Friday, February 25, 2022

THE SEASON OF LENT BEGINS ON ASH WEDNESDAY, March 2, 2022. It is a time of baptismal renewal and preparation for the Easter celebration of the death and resurrection of the Lord. Personal, family and small group prayer, daily Mass, fasting, acts of mortification and works of charity and service are strongly recommended ways to observe the season of Lent. The same goes for a greater reflection on the Word of God.


1. All Catholics 14 years and older must abstain from all meat on Ash Wednesday and every Friday in Lent, unless a particular Friday is a solemnity.

2. All Catholics between the ages of 18 and 59 are required to fast on Ash Wednesday and Good Friday. (Canon #1252)

3. Fasting allows one full meal and two small meals, which combined are not superior to a full meal. It is forbidden to eat between meals.

4. A spirit of fasting is recommended throughout Lent in anticipation of the great feast of Easter. Thus, Christians express their hunger for God, their responsibility towards the poor and their recognition of the Kingdom of God as the answer to all human hungers.

5. “Pastors and parents should see to it that minors who are not bound by the law of fasting and abstinence are educated in a genuine sense of penance.” (Canon #1252)


Airport workers, travelers and others on board ships or aircraft are exempt from fasting and abstinence laws for the duration of their journey (except Good Friday). However, it is desirable that those who are so exempted do pious work in compensation.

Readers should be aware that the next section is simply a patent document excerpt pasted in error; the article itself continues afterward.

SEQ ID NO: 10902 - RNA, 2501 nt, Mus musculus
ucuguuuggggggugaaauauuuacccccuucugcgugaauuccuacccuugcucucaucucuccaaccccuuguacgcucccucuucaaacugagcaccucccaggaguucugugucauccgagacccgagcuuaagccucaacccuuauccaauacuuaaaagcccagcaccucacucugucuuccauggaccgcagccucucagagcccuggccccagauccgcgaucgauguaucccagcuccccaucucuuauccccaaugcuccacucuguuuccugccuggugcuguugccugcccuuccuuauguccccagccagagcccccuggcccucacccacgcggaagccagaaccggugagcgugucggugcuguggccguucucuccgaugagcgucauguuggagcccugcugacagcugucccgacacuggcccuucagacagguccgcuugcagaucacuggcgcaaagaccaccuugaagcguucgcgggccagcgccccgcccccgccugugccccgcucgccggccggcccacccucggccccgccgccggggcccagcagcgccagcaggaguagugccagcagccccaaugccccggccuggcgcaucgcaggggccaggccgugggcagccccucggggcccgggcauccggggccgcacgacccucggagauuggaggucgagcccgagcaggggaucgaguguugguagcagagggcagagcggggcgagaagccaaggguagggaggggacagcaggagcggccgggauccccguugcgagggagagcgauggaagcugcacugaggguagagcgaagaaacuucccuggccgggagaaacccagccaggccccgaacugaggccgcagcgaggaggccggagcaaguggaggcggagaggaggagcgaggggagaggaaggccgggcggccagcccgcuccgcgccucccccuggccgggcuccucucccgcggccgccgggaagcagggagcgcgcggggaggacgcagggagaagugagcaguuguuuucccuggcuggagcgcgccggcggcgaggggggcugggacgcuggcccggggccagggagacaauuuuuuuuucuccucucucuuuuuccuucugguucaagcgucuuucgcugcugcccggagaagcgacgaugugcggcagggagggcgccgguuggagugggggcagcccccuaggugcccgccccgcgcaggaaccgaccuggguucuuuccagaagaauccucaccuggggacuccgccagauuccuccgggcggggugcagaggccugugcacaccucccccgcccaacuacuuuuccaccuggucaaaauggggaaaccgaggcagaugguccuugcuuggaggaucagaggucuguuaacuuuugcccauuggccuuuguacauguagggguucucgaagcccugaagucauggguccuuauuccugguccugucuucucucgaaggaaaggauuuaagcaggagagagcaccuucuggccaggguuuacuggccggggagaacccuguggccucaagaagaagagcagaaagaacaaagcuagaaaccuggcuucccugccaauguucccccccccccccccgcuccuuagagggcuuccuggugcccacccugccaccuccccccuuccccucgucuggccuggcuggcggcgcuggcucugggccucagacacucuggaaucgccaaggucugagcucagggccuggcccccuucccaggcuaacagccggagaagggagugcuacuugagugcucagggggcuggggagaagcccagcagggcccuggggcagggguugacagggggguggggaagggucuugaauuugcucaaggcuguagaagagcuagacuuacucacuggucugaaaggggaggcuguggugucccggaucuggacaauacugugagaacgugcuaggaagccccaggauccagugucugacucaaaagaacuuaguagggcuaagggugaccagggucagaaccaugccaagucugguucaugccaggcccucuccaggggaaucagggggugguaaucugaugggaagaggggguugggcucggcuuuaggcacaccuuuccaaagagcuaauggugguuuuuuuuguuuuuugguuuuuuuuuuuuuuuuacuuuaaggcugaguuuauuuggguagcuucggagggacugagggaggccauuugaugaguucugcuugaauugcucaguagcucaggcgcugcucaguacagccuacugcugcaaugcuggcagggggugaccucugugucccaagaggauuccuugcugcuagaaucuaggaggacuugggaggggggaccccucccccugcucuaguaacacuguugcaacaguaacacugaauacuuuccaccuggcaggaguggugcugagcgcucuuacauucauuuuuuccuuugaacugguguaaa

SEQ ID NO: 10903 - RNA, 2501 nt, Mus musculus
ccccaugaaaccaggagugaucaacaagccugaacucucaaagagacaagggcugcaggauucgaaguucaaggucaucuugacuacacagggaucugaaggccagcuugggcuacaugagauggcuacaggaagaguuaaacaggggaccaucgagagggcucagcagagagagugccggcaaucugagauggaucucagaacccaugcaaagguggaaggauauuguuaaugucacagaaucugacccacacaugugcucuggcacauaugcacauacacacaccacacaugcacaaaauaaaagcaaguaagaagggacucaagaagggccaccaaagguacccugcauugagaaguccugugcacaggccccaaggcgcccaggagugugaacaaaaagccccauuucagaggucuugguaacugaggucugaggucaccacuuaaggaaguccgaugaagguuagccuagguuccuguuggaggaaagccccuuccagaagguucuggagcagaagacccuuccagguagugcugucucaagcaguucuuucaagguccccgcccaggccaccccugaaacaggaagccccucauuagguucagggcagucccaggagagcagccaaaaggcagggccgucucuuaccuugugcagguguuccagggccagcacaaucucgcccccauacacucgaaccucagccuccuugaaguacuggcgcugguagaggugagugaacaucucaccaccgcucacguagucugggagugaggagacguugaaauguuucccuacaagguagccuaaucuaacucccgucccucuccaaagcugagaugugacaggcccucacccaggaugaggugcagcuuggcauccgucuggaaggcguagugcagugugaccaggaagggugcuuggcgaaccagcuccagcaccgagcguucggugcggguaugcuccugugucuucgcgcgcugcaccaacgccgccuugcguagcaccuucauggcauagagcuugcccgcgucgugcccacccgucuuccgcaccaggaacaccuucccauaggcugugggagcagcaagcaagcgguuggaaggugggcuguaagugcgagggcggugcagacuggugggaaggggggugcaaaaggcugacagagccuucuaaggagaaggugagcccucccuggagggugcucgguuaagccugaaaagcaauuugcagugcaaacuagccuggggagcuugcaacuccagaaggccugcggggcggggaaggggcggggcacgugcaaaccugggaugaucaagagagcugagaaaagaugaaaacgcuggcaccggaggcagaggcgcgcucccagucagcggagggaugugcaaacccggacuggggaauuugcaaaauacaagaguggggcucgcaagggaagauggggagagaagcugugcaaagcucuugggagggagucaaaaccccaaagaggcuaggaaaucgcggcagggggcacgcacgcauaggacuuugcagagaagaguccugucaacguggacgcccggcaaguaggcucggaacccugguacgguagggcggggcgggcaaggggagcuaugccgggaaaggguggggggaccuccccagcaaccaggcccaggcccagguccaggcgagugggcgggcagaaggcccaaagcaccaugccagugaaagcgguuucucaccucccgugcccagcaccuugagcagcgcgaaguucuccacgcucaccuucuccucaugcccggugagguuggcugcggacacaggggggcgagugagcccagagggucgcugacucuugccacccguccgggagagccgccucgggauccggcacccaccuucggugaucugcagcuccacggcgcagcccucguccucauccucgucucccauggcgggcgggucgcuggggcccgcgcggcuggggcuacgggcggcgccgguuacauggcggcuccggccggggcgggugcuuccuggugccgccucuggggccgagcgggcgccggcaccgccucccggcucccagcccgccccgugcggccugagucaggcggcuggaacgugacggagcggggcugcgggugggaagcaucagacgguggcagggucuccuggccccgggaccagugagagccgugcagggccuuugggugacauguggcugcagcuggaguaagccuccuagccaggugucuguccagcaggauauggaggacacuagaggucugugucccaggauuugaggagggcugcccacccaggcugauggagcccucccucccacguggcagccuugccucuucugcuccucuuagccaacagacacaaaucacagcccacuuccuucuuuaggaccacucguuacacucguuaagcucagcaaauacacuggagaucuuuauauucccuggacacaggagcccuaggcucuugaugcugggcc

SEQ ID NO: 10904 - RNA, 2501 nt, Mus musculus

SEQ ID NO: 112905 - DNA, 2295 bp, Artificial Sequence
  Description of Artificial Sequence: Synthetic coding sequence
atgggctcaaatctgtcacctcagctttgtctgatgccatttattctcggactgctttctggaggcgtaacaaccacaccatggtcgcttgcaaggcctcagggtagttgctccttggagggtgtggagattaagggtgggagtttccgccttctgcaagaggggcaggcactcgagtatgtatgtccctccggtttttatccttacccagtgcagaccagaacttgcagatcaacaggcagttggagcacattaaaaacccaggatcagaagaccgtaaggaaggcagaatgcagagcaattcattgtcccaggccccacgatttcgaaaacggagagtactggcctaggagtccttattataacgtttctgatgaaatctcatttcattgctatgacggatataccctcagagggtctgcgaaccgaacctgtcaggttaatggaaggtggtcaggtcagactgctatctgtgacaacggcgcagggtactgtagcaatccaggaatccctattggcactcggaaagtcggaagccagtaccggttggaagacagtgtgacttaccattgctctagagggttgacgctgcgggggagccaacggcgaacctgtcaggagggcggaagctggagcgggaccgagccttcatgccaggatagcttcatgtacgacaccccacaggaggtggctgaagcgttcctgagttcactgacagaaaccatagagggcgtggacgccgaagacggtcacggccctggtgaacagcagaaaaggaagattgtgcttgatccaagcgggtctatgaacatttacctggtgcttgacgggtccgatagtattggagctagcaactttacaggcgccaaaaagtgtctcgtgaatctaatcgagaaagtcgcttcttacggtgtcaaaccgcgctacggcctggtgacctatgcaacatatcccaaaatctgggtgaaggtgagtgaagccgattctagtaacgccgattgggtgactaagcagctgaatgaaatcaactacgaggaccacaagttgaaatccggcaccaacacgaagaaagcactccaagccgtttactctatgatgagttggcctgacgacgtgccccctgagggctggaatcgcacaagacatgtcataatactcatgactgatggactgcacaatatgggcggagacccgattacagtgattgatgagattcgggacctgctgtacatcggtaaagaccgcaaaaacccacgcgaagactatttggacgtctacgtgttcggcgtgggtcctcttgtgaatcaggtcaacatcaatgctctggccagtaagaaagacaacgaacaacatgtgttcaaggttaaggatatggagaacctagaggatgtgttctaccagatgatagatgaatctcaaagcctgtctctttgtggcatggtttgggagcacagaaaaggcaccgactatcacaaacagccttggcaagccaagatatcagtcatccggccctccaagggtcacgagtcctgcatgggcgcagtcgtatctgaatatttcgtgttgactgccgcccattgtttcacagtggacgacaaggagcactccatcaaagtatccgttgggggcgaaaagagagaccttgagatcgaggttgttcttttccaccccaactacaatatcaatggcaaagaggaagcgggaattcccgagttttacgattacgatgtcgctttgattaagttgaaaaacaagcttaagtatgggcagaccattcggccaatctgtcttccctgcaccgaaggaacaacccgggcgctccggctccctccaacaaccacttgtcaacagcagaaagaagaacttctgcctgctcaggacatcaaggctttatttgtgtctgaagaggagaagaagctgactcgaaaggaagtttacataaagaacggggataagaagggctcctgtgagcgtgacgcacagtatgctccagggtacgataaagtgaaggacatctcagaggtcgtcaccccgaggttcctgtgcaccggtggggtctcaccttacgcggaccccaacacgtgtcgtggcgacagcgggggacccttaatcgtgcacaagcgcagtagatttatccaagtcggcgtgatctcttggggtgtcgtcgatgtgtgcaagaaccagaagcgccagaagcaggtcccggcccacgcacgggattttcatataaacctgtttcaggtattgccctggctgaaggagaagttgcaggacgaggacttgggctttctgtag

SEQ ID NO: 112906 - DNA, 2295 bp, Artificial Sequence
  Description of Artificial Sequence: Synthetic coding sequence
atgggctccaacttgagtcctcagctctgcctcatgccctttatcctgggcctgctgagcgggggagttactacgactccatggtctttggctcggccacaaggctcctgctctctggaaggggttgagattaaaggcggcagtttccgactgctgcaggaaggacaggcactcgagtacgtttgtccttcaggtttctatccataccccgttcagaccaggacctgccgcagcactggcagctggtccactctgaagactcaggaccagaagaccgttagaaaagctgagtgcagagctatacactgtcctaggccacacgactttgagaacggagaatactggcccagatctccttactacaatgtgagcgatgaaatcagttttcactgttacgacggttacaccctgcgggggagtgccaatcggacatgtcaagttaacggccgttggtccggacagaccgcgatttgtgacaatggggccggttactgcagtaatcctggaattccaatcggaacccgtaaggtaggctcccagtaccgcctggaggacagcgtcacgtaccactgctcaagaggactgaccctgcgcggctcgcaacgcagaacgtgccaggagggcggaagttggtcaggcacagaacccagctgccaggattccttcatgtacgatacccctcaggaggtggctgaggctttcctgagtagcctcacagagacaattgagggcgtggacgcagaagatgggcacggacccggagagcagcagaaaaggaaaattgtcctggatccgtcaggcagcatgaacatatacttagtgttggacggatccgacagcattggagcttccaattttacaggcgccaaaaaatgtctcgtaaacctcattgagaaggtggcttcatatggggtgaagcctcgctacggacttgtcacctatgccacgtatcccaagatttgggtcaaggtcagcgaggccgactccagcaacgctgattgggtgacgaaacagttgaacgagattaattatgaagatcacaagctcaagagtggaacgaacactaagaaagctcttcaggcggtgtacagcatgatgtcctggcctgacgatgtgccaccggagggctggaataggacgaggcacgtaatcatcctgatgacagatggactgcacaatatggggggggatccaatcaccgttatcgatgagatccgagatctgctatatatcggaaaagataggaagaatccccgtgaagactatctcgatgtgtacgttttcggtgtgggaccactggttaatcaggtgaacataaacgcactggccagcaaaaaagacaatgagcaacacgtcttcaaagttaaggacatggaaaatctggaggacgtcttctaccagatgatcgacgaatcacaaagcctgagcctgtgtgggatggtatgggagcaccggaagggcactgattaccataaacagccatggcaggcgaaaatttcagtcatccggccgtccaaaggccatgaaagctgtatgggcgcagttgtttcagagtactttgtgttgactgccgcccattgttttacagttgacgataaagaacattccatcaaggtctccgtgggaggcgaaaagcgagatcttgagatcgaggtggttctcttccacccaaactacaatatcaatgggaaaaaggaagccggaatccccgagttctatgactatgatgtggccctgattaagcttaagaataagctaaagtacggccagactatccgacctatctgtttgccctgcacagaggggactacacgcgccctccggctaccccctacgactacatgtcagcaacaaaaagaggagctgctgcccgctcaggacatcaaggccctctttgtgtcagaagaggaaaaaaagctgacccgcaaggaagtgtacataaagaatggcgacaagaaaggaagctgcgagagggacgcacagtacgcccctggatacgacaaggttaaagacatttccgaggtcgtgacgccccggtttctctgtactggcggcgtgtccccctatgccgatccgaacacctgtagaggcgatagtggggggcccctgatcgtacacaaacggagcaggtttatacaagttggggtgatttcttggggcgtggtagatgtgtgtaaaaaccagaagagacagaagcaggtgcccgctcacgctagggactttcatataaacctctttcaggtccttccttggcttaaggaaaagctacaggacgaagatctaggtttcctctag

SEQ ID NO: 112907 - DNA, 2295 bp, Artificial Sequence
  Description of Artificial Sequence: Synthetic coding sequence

Every Catholic must receive Holy Communion at least once between the first Sunday of Lent, March 6, 2022 and Trinity Sunday, June 12, 2022, unless a just cause justifies another time of year . (Canon #920)


Those who marry during Lent must refrain from “excessive festivities” and must take into account the special character of the liturgical season.


According to a response from the Congregation for Divine Worship (January 1985), other people can help the priest to lay the ashes, for example deacons, special ministers of communion and other laity, when there is a real pastoral need. (During the pandemic, the distribution of ashes may be simplified in accordance with authoritative guidelines.)

Deacons and Extraordinary Communion Ministers may bring blessed ashes to the sick and those confined to their homes. If a minister is not available, a family member or other person may bring blessed ashes to an inmate, using one of the sacramentary formulas (also printed in missalette) to impose the ashes. (BCL Newsletter, January 1980). (As per simplified guidelines.)

Deacon George Reade, Chancellor

By order of: Most Reverend Oscar A. Solis, DD Bishop of Salt Lake City

February 10, 2022

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